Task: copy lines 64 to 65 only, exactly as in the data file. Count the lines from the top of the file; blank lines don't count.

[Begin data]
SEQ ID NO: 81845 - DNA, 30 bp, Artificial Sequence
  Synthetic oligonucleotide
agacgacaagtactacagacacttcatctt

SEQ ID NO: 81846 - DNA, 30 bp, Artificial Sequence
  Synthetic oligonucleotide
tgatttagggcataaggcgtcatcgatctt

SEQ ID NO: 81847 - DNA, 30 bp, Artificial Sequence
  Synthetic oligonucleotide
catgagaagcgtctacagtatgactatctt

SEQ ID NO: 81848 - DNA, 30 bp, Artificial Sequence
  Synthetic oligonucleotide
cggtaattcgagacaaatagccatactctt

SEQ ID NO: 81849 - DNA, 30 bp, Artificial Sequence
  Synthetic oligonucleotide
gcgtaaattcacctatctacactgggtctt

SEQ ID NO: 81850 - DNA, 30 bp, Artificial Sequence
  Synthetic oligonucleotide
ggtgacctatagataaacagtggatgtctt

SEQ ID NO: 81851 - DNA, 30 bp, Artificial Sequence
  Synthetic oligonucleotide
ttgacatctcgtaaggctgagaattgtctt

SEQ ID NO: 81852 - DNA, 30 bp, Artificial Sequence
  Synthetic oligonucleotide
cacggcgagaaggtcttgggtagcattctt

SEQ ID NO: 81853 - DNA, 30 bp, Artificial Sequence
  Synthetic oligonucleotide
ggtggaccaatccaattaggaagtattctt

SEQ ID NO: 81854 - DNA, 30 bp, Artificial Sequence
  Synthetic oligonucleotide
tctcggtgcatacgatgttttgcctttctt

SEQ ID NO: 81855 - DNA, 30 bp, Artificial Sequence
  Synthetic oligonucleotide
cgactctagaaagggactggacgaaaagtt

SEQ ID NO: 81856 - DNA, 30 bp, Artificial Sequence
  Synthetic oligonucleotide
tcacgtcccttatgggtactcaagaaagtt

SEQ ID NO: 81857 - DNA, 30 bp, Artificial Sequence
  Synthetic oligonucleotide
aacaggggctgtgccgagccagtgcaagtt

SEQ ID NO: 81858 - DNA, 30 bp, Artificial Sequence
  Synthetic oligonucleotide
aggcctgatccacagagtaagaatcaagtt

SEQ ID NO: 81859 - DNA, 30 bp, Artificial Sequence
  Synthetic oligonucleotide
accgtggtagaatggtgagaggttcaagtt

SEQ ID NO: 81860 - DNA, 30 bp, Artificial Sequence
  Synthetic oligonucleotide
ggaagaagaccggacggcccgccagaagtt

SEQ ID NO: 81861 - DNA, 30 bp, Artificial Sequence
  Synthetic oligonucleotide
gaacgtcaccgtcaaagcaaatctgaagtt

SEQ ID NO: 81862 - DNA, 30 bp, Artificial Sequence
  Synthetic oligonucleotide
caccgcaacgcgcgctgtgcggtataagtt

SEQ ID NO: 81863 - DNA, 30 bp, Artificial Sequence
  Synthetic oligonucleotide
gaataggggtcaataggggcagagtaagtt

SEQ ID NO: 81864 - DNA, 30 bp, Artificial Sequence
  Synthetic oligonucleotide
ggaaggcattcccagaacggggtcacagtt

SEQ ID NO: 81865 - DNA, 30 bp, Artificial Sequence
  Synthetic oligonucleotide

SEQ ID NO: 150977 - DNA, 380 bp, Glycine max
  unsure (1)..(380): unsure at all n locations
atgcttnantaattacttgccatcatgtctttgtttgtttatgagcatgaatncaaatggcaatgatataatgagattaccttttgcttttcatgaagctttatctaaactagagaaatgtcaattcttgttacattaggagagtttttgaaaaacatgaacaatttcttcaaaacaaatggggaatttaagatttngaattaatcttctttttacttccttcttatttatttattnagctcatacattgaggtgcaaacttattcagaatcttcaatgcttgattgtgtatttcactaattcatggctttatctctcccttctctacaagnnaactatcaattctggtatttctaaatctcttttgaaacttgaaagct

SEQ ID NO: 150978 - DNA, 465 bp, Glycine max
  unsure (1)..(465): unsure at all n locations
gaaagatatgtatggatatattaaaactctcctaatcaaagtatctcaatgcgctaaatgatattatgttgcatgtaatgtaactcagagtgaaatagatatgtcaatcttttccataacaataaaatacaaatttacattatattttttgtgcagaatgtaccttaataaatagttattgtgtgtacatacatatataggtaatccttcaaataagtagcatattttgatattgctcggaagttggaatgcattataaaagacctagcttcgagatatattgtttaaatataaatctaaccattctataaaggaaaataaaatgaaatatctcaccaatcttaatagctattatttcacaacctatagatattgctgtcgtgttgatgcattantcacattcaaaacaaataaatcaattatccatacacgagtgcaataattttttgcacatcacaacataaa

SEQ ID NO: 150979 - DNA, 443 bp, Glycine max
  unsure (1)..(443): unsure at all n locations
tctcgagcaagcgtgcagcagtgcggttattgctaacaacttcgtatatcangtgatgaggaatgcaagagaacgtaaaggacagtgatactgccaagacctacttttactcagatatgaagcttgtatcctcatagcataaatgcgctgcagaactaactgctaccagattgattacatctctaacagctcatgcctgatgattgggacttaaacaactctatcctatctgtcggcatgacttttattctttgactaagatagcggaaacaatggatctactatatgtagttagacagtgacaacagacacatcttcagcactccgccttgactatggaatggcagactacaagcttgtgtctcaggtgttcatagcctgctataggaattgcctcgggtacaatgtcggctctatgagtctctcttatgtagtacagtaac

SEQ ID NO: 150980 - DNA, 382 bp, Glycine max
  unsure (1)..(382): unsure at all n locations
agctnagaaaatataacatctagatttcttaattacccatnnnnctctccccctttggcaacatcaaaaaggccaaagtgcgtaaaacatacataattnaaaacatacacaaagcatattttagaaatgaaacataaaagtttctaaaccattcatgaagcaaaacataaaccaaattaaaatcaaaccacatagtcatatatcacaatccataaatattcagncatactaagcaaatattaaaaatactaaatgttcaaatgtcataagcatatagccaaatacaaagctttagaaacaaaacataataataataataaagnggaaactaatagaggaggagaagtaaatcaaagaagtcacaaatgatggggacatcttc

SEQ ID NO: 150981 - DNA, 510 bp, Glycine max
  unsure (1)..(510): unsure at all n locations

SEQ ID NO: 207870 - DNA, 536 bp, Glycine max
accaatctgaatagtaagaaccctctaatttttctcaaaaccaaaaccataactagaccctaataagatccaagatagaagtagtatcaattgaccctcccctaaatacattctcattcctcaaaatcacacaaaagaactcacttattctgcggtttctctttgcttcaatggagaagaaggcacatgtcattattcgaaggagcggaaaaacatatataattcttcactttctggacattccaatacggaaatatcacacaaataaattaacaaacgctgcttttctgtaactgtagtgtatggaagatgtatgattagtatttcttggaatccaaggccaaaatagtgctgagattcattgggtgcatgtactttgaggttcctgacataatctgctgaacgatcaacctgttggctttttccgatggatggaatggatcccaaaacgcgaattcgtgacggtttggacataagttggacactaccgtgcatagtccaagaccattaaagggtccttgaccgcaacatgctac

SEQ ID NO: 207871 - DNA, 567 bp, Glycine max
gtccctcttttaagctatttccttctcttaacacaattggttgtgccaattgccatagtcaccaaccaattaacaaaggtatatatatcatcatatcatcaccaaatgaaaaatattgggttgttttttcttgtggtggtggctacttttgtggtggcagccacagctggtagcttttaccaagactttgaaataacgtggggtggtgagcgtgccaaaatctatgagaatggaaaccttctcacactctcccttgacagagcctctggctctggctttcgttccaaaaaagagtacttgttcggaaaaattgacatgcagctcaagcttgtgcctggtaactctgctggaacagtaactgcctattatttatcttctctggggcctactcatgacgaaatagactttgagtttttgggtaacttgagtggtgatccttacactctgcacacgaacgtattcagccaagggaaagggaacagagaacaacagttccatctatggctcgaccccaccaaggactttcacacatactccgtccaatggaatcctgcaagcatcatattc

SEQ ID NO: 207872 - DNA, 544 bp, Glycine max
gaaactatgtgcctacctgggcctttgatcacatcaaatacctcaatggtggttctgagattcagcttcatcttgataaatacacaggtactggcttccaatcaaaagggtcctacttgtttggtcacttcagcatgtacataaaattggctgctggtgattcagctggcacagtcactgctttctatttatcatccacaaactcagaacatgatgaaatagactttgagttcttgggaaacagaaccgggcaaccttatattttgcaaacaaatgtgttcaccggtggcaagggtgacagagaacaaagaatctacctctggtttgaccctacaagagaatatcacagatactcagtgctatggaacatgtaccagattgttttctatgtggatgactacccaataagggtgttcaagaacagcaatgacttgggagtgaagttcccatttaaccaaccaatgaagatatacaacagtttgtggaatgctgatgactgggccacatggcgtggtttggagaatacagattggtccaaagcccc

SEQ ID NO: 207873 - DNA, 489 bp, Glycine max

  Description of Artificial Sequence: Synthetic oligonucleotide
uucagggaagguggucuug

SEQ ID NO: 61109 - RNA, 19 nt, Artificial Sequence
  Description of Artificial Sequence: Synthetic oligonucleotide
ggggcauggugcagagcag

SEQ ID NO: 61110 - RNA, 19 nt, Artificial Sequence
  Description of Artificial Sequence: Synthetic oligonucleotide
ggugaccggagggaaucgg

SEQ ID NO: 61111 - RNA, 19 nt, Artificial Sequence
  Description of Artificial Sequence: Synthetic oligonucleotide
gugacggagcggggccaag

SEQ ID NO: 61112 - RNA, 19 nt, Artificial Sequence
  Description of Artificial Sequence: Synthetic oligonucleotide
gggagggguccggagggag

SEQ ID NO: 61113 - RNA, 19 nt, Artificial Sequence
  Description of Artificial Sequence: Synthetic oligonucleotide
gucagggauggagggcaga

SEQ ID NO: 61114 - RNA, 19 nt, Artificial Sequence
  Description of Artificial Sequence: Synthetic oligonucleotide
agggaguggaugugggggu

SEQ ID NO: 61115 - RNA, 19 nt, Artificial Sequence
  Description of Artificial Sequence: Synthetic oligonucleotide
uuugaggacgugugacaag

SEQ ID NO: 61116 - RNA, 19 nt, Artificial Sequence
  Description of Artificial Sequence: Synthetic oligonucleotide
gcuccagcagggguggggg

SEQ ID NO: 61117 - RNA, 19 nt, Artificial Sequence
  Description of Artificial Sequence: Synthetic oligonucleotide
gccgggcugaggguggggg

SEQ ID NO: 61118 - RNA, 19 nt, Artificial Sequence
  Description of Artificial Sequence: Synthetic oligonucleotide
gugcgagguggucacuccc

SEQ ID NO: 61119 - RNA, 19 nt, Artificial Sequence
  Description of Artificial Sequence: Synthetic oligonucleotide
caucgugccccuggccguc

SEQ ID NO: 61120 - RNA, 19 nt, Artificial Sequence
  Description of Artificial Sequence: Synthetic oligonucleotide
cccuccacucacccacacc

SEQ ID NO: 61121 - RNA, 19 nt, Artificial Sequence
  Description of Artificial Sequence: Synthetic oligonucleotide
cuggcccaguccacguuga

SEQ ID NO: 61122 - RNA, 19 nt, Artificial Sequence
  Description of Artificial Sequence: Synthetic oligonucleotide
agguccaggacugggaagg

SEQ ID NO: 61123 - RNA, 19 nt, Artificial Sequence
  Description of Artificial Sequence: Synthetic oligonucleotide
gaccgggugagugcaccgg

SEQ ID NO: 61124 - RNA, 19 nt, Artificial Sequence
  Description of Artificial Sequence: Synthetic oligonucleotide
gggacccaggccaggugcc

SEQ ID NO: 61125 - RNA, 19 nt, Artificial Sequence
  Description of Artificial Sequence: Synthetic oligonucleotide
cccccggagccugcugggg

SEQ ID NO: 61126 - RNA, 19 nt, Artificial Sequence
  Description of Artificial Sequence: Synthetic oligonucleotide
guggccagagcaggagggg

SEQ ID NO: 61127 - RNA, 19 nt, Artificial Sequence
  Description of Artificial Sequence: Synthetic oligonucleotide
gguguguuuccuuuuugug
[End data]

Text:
  unsure (1)..(380): unsure at all n locations
atgcttnantaattacttgccatcatgtctttgtttgtttatgagcatgaatncaaatggcaatgatataatgagattaccttttgcttttcatgaagctttatctaaactagagaaatgtcaattcttgttacattaggagagtttttgaaaaacatgaacaatttcttcaaaacaaatggggaatttaagatttngaattaatcttctttttacttccttcttatttatttattnagctcatacattgaggtgcaaacttattcagaatcttcaatgcttgattgtgtatttcactaattcatggctttatctctcccttctctacaagnnaactatcaattctggtatttctaaatctcttttgaaacttgaaagct